As eviction orders increased over the following years, British police had to be used to expel the villagers from their homes. The dispossessed fellahin had to make their way to the coast to search for new work; most ended up in shanty towns on the edges of Jaffa and Haifa[8]. In the 1920s the American Zion Commonwealth founded the modern day city of Afula; The first moshav, Nahalal, was settled in this valley on September 11, 1921. Jaffa port Jaffa ( Hebrew: יָפוֹ, Yafo Arabic: يَافَا  ; also Japho, Joppa; also, ~1350 B.C.E. Amarna Letters: Yapu; ), is an ancient port city located in south Tel Aviv, Israel on the Mediterranean Sea. ... Hebrew חֵיפָה Arabic حَيْفَا Founded in 3rd century CE Government City District Haifa Population 267,000 1,039,000 (metropolitan area) Jurisdiction 63,666 dunams (63. ... Afula (עפולה; Hebrew: ; ; Arabic: ‎ ) is a city in the North District of Israel, often known as the Capital of the Valley, Jezreel Valley. ... Moshav (Hebrew: מושב Translit. ... Nahalal, a moshav (communal agriculture settlement) in Israels Jezreel Valley was the first moshav established in Israel. ... is the 254th day of the year (255th in leap years) in the Gregorian calendar. ... Year 1921 (MCMXXI) was a common year starting on Saturday (link will display the full calendar). ...


See also

The Jezreel Valley Regional Council is a regional council in northern Israel that encompasses most of the settlements in the Jezreel Valley. ... The Dead Sea (‎, yam ha-melaħ, Sea of Salt; Quranic Arabic: , baħrᵘ l- mayitⁱ [3], Death Sea) is a salt lake between the West Bank and Israel to the west, and Jordan to the east. ...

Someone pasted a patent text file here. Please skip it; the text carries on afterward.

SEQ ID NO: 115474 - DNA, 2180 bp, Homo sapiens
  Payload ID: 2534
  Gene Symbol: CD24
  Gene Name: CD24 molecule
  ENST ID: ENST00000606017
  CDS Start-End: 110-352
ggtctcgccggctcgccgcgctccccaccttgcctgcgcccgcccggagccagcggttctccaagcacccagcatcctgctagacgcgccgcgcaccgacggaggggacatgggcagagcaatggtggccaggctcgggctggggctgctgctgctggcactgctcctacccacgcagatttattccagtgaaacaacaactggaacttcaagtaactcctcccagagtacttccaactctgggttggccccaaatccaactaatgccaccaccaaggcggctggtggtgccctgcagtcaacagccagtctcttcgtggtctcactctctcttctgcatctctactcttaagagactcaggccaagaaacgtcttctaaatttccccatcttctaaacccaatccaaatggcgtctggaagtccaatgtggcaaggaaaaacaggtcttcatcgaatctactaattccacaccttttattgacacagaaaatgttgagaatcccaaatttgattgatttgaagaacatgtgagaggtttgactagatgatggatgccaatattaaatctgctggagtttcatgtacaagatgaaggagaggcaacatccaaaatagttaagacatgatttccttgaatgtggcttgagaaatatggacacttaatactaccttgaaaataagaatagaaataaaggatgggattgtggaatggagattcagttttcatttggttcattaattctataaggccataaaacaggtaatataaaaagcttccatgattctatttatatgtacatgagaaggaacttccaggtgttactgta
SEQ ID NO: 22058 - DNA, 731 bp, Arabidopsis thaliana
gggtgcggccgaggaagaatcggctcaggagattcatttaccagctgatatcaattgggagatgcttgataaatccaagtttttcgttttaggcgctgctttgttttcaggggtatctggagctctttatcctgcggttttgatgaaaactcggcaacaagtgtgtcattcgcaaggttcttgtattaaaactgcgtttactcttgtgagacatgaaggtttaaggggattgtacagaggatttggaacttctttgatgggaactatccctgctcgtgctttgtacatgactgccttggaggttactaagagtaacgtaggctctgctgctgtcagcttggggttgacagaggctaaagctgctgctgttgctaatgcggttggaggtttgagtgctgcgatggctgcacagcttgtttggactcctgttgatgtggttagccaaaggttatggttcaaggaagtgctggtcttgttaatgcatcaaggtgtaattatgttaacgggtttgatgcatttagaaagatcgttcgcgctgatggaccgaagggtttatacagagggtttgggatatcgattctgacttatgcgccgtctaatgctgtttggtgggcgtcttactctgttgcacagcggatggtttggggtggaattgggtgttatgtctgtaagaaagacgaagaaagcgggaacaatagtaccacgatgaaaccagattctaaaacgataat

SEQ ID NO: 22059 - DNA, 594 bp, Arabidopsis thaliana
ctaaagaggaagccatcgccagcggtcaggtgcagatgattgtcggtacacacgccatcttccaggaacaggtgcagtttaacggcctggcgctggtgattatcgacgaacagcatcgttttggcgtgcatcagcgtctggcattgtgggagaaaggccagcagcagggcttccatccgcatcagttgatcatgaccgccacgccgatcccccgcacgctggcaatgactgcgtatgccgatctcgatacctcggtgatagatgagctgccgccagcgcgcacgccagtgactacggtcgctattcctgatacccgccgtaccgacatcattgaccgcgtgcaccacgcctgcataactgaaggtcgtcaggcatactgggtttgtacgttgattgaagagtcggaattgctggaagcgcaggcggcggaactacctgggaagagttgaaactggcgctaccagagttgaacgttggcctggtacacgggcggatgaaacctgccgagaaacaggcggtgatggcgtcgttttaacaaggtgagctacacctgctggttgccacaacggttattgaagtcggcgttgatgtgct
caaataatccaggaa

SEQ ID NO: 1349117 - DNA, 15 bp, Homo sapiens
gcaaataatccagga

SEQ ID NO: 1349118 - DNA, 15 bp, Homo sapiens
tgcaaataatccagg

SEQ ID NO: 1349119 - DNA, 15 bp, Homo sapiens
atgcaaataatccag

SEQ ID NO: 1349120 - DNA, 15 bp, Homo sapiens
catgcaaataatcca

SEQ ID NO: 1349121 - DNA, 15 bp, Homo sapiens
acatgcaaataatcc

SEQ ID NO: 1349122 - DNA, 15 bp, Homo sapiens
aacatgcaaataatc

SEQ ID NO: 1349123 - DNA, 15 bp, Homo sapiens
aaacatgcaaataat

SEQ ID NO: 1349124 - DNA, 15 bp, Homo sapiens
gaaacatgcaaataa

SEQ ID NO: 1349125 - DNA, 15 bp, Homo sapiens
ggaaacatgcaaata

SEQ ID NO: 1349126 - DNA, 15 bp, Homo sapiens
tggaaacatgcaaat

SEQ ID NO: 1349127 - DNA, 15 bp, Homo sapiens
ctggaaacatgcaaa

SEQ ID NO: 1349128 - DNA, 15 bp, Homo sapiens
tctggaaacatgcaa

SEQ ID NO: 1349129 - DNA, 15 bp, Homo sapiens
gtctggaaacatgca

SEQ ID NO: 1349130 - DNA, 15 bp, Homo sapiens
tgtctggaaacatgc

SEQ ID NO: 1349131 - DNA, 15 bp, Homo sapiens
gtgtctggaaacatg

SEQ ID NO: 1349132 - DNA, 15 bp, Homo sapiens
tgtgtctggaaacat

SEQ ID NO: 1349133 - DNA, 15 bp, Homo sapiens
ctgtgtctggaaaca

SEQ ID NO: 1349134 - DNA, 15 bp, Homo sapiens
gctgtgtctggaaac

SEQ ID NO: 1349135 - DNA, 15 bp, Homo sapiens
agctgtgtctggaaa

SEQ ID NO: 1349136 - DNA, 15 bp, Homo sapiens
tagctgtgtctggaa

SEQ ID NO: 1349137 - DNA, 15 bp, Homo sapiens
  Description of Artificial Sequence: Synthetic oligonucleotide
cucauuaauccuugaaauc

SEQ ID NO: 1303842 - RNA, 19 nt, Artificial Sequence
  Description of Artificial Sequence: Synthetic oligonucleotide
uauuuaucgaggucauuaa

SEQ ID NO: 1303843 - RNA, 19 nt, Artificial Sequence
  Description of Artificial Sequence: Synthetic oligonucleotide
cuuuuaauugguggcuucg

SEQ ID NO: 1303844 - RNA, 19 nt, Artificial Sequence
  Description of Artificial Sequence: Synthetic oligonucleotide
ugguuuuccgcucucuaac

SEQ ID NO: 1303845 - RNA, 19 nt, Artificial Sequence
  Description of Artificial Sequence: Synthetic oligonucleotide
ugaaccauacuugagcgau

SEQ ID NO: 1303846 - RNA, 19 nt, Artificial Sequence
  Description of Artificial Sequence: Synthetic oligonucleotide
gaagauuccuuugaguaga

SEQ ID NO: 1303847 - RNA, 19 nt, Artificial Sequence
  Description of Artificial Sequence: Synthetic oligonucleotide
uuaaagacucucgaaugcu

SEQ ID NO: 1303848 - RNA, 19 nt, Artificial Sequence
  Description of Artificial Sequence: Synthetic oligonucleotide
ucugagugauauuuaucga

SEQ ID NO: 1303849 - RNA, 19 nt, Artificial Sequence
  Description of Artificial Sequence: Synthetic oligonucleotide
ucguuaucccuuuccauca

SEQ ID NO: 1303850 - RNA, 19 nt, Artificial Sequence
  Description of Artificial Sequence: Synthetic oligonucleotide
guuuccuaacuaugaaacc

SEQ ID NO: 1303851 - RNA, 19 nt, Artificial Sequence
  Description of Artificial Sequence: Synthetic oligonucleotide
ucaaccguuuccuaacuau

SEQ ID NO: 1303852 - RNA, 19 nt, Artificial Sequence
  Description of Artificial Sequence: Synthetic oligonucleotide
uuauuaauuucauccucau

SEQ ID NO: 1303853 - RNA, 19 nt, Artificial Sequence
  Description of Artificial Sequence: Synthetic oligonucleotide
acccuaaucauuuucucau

References

  1. ^ Jewish Encyclopedia
  2. ^ Cheyne and Black, Encyclopedia Biblica
  3. ^ ibid
  4. ^ Judges 6:3
  5. ^ 1 Samuel 29:1-6
  6. ^ 1 Samuel 28:4
  7. ^ 1 Samuel 31:1-6
  8. ^ Gilmore 1983, pp. 44-45
  • Nevill Barbour: Nisi Dominus: A Survey of the Palestine Controversy. George G. Harrap, London 1946, pp. 117-118
  • Polk, Stamler, Asfour: Backdrop to Tragedy: The Struggle for Palestine. Beacon Press, Boston, 1957, pp. 237-238.
  • The above two books are quoted in David Gilmour: Dispossessed: the Ordeal of the Palestinians. Sphere Books, Great Britain, 1983, pp. 44-45.

External links

Wikimedia Commons has media related to:
Jezreel Valley
  • Jezreel Valley College
  • Emek Medical Center
  • Jezreel Valley Regional Council Official website (in Hebrew)

Coordinates: 32°35′47″N 35°14′31″E / 32.59639, 35.24194 Image File history File links COA_of_Israel. ... Map of Earth showing lines of latitude (horizontally) and longitude (vertically), Eckert VI projection; large version (pdf, 1. ...


  Results from FactBites:
 
Jezreel Valley - Wikipedia, the free encyclopedia (323 words)
The Jezreel Valley arabic (Sahel Zir'in)سهل زرعين or Marj Ibn Amer(the meadow of the son of Amer) مرج بن عامر (Hebrew: עמק יזרעאל;"Emek Yizrael", also known as the Plain of Esdraelon) is a large plain and inland valley in the north of Israel.
Jezreel Valley is part of the Lower Galilee in the North District of Israel.
In the Bible, the Valley of Jezreel lies to the north of Jezreel between the ridges of Gilboa and Moreh, an offshoot of Esdraelon, running east to the Jordan River (Joshua 17:16; Judges 6:33; Hosea 1:5).
Jezreel - Walking in Their Sandals - location profile (535 words)
Jezreel lies at the western end of Mount Gilboa, where it slopes down to the level of the Valley of Jezreel.
The surrounding valley, or plain, which bears the name of the city, is the largest in Israel.
Jezreel was allotted to the tribe of Issachar (Josh 19:18).
  More results at FactBites »